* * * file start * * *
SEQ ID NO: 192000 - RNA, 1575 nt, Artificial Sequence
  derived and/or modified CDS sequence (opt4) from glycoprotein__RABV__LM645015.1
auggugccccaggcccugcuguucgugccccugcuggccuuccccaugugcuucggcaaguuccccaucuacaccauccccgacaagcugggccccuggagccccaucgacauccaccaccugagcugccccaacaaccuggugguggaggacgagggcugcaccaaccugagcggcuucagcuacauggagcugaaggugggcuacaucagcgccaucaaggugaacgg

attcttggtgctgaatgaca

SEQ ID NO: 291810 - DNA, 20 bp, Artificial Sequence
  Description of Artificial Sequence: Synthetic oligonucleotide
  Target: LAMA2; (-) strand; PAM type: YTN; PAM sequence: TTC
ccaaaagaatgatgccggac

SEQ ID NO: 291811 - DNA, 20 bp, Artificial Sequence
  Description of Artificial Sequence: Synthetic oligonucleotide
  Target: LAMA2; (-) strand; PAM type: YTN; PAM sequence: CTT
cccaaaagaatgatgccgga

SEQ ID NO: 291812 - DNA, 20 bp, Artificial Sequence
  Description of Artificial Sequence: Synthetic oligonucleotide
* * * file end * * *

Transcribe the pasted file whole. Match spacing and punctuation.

SEQ ID NO: 192000 - RNA, 1575 nt, Artificial Sequence
  derived and/or modified CDS sequence (opt4) from glycoprotein__RABV__LM645015.1
auggugccccaggcccugcuguucgugccccugcuggccuuccccaugugcuucggcaaguuccccaucuacaccauccccgacaagcugggccccuggagccccaucgacauccaccaccugagcugccccaacaaccuggugguggaggacgagggcugcaccaaccugagcggcuucagcuacauggagcugaaggugggcuacaucagcgccaucaaggugaacgg

attcttggtgctgaatgaca

SEQ ID NO: 291810 - DNA, 20 bp, Artificial Sequence
  Description of Artificial Sequence: Synthetic oligonucleotide
  Target: LAMA2; (-) strand; PAM type: YTN; PAM sequence: TTC
ccaaaagaatgatgccggac

SEQ ID NO: 291811 - DNA, 20 bp, Artificial Sequence
  Description of Artificial Sequence: Synthetic oligonucleotide
  Target: LAMA2; (-) strand; PAM type: YTN; PAM sequence: CTT
cccaaaagaatgatgccgga

SEQ ID NO: 291812 - DNA, 20 bp, Artificial Sequence
  Description of Artificial Sequence: Synthetic oligonucleotide